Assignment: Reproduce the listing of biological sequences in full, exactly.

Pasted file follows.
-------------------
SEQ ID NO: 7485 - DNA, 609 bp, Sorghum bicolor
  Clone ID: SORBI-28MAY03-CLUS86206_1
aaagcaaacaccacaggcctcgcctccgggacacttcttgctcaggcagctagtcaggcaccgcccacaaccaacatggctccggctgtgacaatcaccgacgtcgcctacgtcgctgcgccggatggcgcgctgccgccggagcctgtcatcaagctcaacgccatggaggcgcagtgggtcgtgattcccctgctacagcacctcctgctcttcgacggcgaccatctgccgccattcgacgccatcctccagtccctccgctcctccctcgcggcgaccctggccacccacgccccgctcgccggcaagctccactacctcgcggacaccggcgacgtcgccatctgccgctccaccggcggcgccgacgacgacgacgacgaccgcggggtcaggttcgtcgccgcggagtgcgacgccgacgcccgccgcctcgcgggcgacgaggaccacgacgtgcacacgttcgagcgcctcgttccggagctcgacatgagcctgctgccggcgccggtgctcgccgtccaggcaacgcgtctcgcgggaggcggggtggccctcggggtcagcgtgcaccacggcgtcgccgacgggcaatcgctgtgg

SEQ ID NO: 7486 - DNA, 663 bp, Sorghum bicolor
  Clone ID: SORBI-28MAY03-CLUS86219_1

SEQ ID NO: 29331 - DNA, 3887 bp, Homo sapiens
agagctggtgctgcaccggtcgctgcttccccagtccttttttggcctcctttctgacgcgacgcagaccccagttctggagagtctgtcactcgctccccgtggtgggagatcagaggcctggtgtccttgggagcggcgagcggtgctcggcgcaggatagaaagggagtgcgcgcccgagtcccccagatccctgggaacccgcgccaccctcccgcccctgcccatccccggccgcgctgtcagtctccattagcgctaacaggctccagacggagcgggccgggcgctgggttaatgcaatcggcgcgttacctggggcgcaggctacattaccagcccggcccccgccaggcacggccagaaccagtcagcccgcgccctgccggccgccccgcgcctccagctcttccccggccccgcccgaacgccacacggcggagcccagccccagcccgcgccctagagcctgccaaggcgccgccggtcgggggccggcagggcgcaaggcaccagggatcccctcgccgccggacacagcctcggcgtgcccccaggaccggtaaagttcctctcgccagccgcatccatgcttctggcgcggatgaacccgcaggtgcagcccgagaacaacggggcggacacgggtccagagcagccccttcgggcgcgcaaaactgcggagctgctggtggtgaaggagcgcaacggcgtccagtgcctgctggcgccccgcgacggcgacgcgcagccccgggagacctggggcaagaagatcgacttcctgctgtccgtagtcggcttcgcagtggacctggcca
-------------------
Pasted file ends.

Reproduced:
SEQ ID NO: 7485 - DNA, 609 bp, Sorghum bicolor
  Clone ID: SORBI-28MAY03-CLUS86206_1
aaagcaaacaccacaggcctcgcctccgggacacttcttgctcaggcagctagtcaggcaccgcccacaaccaacatggctccggctgtgacaatcaccgacgtcgcctacgtcgctgcgccggatggcgcgctgccgccggagcctgtcatcaagctcaacgccatggaggcgcagtgggtcgtgattcccctgctacagcacctcctgctcttcgacggcgaccatctgccgccattcgacgccatcctccagtccctccgctcctccctcgcggcgaccctggccacccacgccccgctcgccggcaagctccactacctcgcggacaccggcgacgtcgccatctgccgctccaccggcggcgccgacgacgacgacgacgaccgcggggtcaggttcgtcgccgcggagtgcgacgccgacgcccgccgcctcgcgggcgacgaggaccacgacgtgcacacgttcgagcgcctcgttccggagctcgacatgagcctgctgccggcgccggtgctcgccgtccaggcaacgcgtctcgcgggaggcggggtggccctcggggtcagcgtgcaccacggcgtcgccgacgggcaatcgctgtgg

SEQ ID NO: 7486 - DNA, 663 bp, Sorghum bicolor
  Clone ID: SORBI-28MAY03-CLUS86219_1

SEQ ID NO: 29331 - DNA, 3887 bp, Homo sapiens
agagctggtgctgcaccggtcgctgcttccccagtccttttttggcctcctttctgacgcgacgcagaccccagttctggagagtctgtcactcgctccccgtggtgggagatcagaggcctggtgtccttgggagcggcgagcggtgctcggcgcaggatagaaagggagtgcgcgcccgagtcccccagatccctgggaacccgcgccaccctcccgcccctgcccatccccggccgcgctgtcagtctccattagcgctaacaggctccagacggagcgggccgggcgctgggttaatgcaatcggcgcgttacctggggcgcaggctacattaccagcccggcccccgccaggcacggccagaaccagtcagcccgcgccctgccggccgccccgcgcctccagctcttccccggccccgcccgaacgccacacggcggagcccagccccagcccgcgccctagagcctgccaaggcgccgccggtcgggggccggcagggcgcaaggcaccagggatcccctcgccgccggacacagcctcggcgtgcccccaggaccggtaaagttcctctcgccagccgcatccatgcttctggcgcggatgaacccgcaggtgcagcccgagaacaacggggcggacacgggtccagagcagccccttcgggcgcgcaaaactgcggagctgctggtggtgaaggagcgcaacggcgtccagtgcctgctggcgccccgcgacggcgacgcgcagccccgggagacctggggcaagaagatcgacttcctgctgtccgtagtcggcttcgcagtggacctggcca